By Chris Oliver
Monday nights at the Ritz used to be a festival of freaks and weirdos, set to a soundtrack of rock and metal. It was great for a youngster, and there’s nothing in Manchester nowadays that really draws the same crowd on a regular basis. I miss it, but fortunately I have a chance to relive it tonight when the Bizarre Ball comes to town. Sponsored by Bizarre Magazine (of fetishes, freaks and sexy ladies fame), it’s touted as a festival of all things alternative.
Like quite a number of people, we arrive having missed some of the music on offer, including ‘Obsessive Compulsive’. Unlike quite a number of people, we are dressed relatively normally. There are all sorts on show (mostly flesh) and some fantastic costumes as well as a good few 6-foot transvestites.
I am a bit surprised by the Smurfs and Bananaman, and more than a bit distracted by the ladies, many of whom look pretty stunning in their skimpy outfits.
Looking at the bill, I think the acts were very well chosen: Rolo Tomassi are a seriously heavy math-core band with a great live show – singer Eva Spence leading from the front with hypnotic hips and an impressive voice. They have loads of energy, and their dark, aggressive sound fits well with the theme of the night.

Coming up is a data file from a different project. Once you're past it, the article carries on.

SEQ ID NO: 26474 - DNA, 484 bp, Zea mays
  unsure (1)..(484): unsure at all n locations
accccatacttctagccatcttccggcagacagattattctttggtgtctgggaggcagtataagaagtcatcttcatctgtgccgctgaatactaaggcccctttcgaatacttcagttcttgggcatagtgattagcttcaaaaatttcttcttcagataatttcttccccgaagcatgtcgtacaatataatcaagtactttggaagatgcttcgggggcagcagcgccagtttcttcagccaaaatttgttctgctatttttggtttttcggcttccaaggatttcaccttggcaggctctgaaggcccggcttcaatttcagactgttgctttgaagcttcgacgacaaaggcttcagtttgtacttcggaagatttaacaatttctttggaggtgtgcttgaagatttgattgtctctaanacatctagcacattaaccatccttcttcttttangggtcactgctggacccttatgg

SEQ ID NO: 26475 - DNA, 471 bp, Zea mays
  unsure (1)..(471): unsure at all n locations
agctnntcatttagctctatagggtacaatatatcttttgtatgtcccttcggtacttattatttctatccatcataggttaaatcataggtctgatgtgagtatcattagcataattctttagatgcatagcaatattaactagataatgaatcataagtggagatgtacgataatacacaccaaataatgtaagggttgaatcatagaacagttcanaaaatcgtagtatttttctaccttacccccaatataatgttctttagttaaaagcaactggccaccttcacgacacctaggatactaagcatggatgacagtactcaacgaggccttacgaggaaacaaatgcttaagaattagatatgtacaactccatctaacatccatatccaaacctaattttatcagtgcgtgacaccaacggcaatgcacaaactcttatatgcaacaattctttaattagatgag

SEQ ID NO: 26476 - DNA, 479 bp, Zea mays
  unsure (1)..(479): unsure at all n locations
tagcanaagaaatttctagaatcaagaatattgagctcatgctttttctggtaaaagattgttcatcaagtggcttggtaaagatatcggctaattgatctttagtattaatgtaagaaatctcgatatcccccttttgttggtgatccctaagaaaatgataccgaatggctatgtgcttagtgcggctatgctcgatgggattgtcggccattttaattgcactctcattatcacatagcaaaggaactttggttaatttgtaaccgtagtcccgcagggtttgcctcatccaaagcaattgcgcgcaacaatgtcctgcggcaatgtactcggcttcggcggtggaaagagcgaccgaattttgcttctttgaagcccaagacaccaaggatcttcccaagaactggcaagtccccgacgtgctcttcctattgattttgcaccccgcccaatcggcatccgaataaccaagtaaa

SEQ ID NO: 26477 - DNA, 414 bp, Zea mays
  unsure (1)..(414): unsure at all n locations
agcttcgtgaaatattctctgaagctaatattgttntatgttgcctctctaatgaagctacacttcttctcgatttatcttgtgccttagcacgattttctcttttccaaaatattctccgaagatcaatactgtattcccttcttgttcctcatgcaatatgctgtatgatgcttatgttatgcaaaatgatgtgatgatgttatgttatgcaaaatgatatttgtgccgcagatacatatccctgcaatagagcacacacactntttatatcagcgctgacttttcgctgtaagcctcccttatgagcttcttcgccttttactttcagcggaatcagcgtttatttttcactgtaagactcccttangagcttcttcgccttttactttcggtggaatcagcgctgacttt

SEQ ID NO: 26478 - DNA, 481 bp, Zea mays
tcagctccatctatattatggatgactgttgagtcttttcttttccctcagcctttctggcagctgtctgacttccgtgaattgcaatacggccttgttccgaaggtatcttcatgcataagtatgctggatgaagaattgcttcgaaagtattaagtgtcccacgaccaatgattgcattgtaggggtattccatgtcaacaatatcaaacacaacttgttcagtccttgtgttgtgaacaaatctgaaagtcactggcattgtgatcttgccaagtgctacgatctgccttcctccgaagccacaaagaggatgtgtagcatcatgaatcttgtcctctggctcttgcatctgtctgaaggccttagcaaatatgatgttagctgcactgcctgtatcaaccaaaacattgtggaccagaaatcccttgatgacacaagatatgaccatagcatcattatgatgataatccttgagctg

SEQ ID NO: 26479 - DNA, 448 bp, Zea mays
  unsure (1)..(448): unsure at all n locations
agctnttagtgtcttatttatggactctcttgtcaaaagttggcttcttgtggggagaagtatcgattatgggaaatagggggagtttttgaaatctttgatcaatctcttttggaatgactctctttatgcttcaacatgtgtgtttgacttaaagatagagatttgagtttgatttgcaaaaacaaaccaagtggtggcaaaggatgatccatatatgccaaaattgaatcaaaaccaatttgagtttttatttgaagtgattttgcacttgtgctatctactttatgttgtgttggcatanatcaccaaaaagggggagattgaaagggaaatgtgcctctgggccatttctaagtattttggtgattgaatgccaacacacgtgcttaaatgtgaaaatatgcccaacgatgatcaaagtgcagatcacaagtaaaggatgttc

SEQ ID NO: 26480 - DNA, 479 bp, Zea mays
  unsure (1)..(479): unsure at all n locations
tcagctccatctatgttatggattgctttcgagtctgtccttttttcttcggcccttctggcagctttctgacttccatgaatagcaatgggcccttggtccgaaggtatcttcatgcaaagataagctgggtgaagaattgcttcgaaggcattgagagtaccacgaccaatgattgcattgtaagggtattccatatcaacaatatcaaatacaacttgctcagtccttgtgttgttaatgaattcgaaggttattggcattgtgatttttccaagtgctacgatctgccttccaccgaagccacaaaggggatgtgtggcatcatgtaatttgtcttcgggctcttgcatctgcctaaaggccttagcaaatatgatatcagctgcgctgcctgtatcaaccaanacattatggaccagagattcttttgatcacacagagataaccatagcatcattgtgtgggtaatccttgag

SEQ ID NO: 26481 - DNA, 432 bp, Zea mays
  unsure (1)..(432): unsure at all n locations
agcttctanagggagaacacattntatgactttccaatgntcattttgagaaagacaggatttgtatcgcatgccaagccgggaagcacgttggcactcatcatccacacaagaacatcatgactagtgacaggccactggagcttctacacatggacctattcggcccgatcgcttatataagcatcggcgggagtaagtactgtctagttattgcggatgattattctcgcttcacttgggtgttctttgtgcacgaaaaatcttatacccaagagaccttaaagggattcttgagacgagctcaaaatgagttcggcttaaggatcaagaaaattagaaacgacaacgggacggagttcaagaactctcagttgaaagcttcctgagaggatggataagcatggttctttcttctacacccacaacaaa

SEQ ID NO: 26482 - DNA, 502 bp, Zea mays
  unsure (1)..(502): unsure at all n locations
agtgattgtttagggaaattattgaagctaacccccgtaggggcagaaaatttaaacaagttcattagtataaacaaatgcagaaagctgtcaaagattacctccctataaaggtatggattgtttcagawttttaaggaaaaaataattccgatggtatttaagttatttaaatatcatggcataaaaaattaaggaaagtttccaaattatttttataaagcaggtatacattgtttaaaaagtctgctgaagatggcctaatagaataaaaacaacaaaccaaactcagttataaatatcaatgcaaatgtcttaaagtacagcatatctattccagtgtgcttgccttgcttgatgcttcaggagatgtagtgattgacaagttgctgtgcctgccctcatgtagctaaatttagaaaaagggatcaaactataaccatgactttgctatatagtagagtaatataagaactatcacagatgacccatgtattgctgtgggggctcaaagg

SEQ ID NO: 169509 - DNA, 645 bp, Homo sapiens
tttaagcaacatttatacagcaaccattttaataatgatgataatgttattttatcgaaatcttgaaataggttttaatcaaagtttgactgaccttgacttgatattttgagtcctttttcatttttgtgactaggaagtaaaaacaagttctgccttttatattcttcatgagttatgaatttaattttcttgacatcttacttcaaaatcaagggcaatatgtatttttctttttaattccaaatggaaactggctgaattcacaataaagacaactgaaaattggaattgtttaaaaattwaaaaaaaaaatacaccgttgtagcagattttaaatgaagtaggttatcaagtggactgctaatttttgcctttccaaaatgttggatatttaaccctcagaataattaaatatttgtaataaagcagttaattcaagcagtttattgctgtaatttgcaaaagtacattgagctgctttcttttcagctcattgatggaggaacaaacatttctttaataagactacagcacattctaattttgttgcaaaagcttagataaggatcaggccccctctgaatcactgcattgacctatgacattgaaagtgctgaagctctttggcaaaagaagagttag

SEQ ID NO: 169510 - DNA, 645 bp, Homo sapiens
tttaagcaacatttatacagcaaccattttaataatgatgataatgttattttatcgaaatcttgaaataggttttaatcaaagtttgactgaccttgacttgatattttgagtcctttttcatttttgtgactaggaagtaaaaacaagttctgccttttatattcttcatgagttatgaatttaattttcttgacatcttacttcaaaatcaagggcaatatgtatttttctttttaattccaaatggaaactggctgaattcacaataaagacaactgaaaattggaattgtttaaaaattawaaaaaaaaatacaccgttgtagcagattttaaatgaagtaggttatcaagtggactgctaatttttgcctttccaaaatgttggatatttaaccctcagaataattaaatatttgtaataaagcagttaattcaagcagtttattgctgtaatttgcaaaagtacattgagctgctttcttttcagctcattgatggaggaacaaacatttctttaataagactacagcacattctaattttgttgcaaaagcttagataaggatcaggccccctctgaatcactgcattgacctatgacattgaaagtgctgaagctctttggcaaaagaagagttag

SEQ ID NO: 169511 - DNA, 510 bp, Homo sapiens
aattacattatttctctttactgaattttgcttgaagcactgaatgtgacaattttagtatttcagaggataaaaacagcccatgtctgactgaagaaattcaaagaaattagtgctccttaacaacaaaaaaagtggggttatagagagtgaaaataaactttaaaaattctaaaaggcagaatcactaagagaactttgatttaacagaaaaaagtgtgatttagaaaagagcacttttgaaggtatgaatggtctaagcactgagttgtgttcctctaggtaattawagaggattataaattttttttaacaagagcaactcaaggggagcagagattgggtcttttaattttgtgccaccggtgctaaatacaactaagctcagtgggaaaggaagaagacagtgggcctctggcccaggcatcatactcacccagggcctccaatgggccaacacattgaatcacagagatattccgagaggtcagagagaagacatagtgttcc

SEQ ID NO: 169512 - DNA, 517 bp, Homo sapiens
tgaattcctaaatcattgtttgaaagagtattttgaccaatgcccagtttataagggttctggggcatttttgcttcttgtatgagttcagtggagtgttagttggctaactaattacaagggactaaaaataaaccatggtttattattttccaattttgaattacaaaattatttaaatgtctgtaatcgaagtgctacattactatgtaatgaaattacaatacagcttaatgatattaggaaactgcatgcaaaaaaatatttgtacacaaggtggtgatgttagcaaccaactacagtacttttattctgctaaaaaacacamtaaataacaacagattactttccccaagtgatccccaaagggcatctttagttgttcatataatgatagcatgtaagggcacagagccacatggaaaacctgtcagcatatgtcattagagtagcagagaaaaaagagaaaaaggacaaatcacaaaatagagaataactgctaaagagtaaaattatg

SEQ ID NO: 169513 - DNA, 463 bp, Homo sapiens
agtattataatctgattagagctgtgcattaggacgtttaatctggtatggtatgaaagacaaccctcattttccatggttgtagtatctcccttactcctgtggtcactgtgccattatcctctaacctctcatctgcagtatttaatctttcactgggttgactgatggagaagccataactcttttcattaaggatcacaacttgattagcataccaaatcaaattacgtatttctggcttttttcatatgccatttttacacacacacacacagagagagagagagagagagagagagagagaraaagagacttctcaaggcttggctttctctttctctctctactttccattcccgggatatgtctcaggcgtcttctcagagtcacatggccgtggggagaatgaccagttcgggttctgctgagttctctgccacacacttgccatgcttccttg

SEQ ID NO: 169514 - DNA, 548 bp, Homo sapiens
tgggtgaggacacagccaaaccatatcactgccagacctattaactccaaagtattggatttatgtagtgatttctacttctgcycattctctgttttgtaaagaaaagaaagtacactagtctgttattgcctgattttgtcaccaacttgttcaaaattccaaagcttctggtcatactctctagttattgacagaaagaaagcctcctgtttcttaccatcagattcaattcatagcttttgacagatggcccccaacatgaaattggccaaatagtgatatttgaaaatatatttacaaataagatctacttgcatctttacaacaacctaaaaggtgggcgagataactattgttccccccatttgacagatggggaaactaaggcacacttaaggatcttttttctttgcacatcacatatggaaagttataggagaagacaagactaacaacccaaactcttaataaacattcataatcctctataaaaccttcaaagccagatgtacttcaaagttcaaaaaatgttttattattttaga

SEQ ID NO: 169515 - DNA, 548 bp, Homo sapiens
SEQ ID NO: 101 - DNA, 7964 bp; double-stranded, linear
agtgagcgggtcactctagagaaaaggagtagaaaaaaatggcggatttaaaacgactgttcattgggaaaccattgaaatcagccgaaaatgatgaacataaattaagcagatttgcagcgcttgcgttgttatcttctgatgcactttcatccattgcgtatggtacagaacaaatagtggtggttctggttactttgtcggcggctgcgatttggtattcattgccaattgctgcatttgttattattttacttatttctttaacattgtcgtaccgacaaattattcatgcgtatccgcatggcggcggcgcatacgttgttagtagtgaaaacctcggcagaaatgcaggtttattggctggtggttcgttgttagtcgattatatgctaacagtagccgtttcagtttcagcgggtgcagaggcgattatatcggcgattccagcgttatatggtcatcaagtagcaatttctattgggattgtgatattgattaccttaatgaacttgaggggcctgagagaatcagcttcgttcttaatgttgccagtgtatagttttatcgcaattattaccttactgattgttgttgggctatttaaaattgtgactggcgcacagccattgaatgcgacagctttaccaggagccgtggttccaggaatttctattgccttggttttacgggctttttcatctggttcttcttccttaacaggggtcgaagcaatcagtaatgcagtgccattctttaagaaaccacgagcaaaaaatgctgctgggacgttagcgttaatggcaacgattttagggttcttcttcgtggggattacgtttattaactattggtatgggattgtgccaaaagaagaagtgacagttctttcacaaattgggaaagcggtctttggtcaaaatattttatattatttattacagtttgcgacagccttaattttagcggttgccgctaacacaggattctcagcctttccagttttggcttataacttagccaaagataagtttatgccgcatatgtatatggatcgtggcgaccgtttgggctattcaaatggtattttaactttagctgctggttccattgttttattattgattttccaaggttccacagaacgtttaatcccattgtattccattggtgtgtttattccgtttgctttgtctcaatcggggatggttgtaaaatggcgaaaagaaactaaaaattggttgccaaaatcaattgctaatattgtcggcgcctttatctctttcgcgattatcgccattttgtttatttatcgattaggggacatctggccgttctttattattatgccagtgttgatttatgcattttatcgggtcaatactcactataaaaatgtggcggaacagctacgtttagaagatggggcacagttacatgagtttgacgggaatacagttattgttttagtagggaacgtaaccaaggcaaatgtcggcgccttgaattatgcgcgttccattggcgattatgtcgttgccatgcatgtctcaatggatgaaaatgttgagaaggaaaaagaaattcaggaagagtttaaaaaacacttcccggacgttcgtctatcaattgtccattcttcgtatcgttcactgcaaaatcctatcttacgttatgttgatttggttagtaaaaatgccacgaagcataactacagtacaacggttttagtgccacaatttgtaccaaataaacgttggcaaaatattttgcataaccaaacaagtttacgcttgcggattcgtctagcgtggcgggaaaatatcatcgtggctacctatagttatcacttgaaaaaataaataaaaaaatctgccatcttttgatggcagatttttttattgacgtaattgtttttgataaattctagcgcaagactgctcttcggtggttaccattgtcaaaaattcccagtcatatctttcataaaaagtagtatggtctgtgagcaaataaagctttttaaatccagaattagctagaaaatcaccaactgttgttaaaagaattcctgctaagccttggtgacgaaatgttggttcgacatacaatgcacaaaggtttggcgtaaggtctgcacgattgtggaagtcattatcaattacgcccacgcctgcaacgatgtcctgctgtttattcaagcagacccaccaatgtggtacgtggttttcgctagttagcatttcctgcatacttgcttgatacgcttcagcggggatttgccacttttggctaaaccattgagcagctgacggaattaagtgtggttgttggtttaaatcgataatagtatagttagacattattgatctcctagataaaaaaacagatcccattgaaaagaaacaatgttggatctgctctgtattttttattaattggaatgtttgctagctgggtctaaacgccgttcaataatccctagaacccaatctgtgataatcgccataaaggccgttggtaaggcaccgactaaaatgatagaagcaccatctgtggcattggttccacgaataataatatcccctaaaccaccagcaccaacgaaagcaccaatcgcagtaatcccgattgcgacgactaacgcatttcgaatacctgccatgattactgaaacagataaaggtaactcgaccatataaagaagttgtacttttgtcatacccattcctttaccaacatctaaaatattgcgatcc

80′s Matchbox B-line Disaster are the headline act of the night. They have a very sludgy swamp-rock sound, and they’re a pretty unique-sounding band. However, in this setting they come out looking relatively tame and normal. It’s not a bad set – there’s a nice mix of tunes from their latest album ‘Blood and Fire’ and older material, but the acoustics in the Ritz aren’t great, and the vocals don’t really come out very well. Still pretty good though.
A mention is due for the two excellent compères, the sassy, sexy Alex Fox and the white-suited, Baron Samedi-esque Des O’Connor. His ukelele song about necrophilia is probably the trippiest moment of the evening.
There are burlesque dancers, and a photo-set made up like a bondage dungeon.It all contributes towards the theatricality and the overall Bizarreness of the night. There’s so much going on that it’s hard to give an account of all of it, but it’s good, dirty fun all night long.
The final act of the evening is ‘The Circus of Horrors’, which is not actually particularly horrific, but is very circus-esque. A few magic tricks, some very attractive dancing ladies and the ‘Mongolian Laughing Boy’ – a human pincushion – who at one point gets stuck to a two-by-four with meat-skewers through both of his arms and his tongue.
It’s an interesting show, but it’s always a disappointment for me to miss music, and I would have preferred it if the bands had carried on later in its place, but that’s personal preference.
The general reaction from the crowd is lively, and there are clearly more than a few fans of 80′s Matchbox here, but the response for the bands and the live acts was not as strong as for the double-team DJ set which followed them. Paradoxically it seems that these outsiders are most comfortable with the familiar. The set rounds off a really good, fun event, and one that sets itself apart from run-of-the mill club nights in so many ways.